Des Moines
Des Moines

this week

weekly art forecasts from Central Iowa

Who’s exhibiting and opportunities for artists

Posts tagged landscapes
Week of August 12

B I G  H A I R  B A L L 

The 2015 Big Hair Ball is Saturday night at the Des Moines Art Center.  A celebration of hair as a form of artistic expression, the evening includes live music and a runway show.  Tickets are still available.

E V E N T S :

WED, AUG 12, 7 PM - Drink and Draw - Clothed Models, Capes Kafe

THUR, AUG 13, 7 PM - Second Thursday Open Mic, Ritual Cafe

THUR, AUG 13, 8 PM - Open Circus, Des Moines Social Club

FRI, AUG 14, 9 AM - Iowa Arts Advocacy Caucus, State Historical Building  *Advance Registration Required

FRI, AUG 14, 7 PM - Not So Perfect Landscapes, Crane Artists Lofts

SAT, AUG 15, 6:30 PM - Meditation Coloring, Palek Studios

SAT, AUG 15, 8 PM - Big Hair Ball, Des Moines Art Center

SUN, AUG 16, 2 PM - Advanced Figure Drawing Class, Des Moines Social Club

TUES, AUG 18, 7 PM - Des Moines Poetry Slam, Java Joe’s


D E A D L I N E S :

NewBo Art Fest - Call for Artist DEADLINE August 15

Poste Print Festival - Call for Entries due September 1

ALL CALENDAR EVENTS

ARTIST OPPORTUNITIES

the-paintrist : 
 
  artsandcrafts28 : 
 
 George Inness -  “In the Berkshires”  - 1848-50 
 
  George Inness  (May 1, 1825 – August 3, 1894) was an influential American landscape painter. His work was influenced, in turn, by that of the old masters, the Hudson River school, the Barbizon school, and, finally, by the theology of Emanuel Swedenborg, whose spiritualism found vivid expression in the work of Inness’ maturity. Often called “the father of American landscape painting,” Inness is best known for these mature works that not only exemplified the Tonalist movement but also displayed an original and uniquely American style.

the-paintrist:

artsandcrafts28:

George Inness - “In the Berkshires” - 1848-50

George Inness (May 1, 1825 – August 3, 1894) was an influential American landscape painter. His work was influenced, in turn, by that of the old masters, the Hudson River school, the Barbizon school, and, finally, by the theology of Emanuel Swedenborg, whose spiritualism found vivid expression in the work of Inness’ maturity. Often called “the father of American landscape painting,” Inness is best known for these mature works that not only exemplified the Tonalist movement but also displayed an original and uniquely American style.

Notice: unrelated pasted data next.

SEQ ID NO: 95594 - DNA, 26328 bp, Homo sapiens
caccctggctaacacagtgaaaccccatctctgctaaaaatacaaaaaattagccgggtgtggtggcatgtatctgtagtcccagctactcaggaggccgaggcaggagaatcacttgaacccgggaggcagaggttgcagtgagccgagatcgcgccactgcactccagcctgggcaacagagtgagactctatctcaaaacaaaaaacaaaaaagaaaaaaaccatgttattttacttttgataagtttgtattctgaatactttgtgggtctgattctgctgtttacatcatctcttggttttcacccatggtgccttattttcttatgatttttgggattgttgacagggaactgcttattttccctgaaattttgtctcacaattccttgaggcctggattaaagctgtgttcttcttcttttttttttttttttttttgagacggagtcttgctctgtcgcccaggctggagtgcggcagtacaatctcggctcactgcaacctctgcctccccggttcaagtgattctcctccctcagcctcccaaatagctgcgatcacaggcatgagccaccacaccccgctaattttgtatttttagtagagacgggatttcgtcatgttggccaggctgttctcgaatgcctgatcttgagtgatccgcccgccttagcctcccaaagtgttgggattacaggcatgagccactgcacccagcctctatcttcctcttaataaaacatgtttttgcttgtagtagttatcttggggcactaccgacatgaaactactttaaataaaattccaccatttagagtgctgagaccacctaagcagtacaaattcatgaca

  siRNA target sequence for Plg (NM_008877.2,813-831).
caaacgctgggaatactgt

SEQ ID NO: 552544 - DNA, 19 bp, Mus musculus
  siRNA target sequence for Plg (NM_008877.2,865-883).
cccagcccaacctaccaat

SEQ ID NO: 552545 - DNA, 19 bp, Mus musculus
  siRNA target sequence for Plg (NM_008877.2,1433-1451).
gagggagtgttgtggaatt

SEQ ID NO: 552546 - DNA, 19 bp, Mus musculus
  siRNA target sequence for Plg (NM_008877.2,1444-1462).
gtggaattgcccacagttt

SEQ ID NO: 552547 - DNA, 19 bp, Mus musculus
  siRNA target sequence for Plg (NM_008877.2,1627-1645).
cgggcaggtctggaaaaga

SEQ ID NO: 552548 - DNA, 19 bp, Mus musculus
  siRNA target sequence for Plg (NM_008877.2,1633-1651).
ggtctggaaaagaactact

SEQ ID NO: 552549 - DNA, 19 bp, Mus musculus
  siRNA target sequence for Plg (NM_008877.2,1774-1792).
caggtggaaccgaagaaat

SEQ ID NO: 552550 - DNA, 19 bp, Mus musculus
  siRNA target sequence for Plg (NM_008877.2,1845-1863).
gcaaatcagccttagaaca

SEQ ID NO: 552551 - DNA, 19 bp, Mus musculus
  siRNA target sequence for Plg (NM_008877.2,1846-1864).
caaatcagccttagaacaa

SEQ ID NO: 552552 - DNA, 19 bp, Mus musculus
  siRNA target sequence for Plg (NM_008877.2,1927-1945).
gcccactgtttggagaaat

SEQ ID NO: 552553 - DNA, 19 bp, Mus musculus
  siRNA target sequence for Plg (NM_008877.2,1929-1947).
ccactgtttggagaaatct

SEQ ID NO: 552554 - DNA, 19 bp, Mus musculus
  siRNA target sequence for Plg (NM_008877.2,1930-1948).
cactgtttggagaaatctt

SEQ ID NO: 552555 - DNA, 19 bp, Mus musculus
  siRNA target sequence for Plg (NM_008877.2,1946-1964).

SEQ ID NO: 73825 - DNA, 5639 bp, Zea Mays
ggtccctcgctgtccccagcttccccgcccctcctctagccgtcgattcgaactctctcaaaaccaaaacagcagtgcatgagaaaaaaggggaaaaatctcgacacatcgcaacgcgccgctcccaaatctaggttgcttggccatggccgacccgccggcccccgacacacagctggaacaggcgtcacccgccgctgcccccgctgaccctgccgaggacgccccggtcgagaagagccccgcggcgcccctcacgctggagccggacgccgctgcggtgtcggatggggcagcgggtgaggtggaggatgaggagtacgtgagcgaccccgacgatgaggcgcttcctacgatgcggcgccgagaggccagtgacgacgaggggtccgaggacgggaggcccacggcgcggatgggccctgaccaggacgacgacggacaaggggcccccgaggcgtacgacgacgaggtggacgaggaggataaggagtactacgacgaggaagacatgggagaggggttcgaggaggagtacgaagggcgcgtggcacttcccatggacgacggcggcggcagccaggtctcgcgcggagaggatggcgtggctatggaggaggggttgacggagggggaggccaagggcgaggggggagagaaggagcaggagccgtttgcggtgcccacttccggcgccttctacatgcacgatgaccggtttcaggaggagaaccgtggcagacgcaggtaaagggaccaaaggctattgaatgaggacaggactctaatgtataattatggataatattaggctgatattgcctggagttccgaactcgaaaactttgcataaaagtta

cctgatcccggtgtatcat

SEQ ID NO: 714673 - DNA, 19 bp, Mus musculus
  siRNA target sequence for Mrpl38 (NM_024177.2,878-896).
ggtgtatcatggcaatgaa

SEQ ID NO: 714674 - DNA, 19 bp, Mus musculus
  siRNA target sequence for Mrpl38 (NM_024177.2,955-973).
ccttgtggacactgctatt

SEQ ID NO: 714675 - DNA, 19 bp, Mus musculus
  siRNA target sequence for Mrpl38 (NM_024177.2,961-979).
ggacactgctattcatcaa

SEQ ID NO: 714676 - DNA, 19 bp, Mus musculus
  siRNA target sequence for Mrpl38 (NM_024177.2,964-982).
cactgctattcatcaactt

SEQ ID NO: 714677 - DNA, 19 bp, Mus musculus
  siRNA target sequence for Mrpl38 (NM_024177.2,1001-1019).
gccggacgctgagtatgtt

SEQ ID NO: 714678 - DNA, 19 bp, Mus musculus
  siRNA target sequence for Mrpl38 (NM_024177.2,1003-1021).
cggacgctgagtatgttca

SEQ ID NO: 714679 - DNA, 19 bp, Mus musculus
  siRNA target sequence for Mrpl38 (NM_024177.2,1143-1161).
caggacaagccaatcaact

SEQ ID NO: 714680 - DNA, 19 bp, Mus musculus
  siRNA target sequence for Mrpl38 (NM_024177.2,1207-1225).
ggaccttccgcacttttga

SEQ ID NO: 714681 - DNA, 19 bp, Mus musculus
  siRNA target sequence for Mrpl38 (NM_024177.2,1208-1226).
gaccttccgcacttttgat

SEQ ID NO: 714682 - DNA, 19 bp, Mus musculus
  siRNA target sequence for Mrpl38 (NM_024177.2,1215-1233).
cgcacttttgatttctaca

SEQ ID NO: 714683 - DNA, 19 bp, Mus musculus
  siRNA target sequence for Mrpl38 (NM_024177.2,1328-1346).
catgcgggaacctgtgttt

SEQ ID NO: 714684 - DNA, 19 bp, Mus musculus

Four perspectives exploring landscape at the Olson-Larsen Galleries

Annual Landscape Show, Olson-Larsen Galleries

June 1, 2012 - July 14, 2012

Annual Landscape Show installation shot 

Review by guest contributor Chad Michael Cox

June 7, 2012

The Annual Landscape Show at Olson-Larsen Galleries, featuring Barbara Fedeler, Bobbie McKibbin, Stuart Klipper, and Eugenie Torgerson, generally steers clear of the traditional Midwest farm and barn scenes. Instead, the viewer is treated to wide open prairies, defining landmarks (a telephone pole in the middle of a bayou, tank cars stopped in a corn field), and a remarkable sense of movement. In particular, Klipper’s photograph, Colorado River From Point Imperial, North Rim, Grand Canyon National Park, with a weaving angle enhanced by the river below, gives the viewer a sense of falling off a cliff – so real, in fact, you may find yourself stepping sideways to regain your balance.

Annual Landscape Show installation shot 

Beyond a simple replication of Midwest landscapes, the Olson-Larsen display provides interpretations of color. Standard browns greet the viewer upon entering, but they are quickly swept away by the green pastels of McKibbin’s works which often place the viewer at the bottom of a hill looking upward without the need to see the other side. We are comfortable exploring the details of Lit Lane I, the weightless shadows, or the elevated tree line that seems to be ascending toward the heavens as though the trees have been freed from their roots. From there the viewer moves into the back portion of the gallery where a series of willow charcoal drawings by Fedeler strips away everything we know about prairie landscapes, leaving only the movement of the hills and the undercurrent of shadows. North of Hubbard Hill offers a swirling maelstrom in the distance, slowly altering the rolling topography, everything we’ve seen and taken for granted as we travel along Iowa highways. Finally, the viewer is introduced to Torgerson’s golden hues and remarkable use of material layering. On the Verge of Everything has eight layers of fascinating and varied texture underneath a subtle expanse of sky and earth. Her rich pastels collide at a lowered horizon, highlighting majestic clouds without sacrificing a solid foundation.

The show, which runs through July 14th, offers a worthwhile view of our landscapes. It doesn’t ask questions so much as it offers four perspectives, and in so doing it manages to reveal a fresh layer of earth.

Chad Michael Cox is an award winning author whose work has appeared in numerous publications including: Modern Dickens Project, Sleet Magazine, Splash of Red, and Prick of the Spindle. He is also a photographer, storyteller, and curator proudly associated with, and supporting, local arts and culture organizations in Des Moines, Iowa. His work explores universal languages, focusing on stories we share as a global community, finding beauty within the chaos of our world. To learn more about his work please browse his website at www.cmichaelcox.com or contact him via email at CMichaelCox@q.com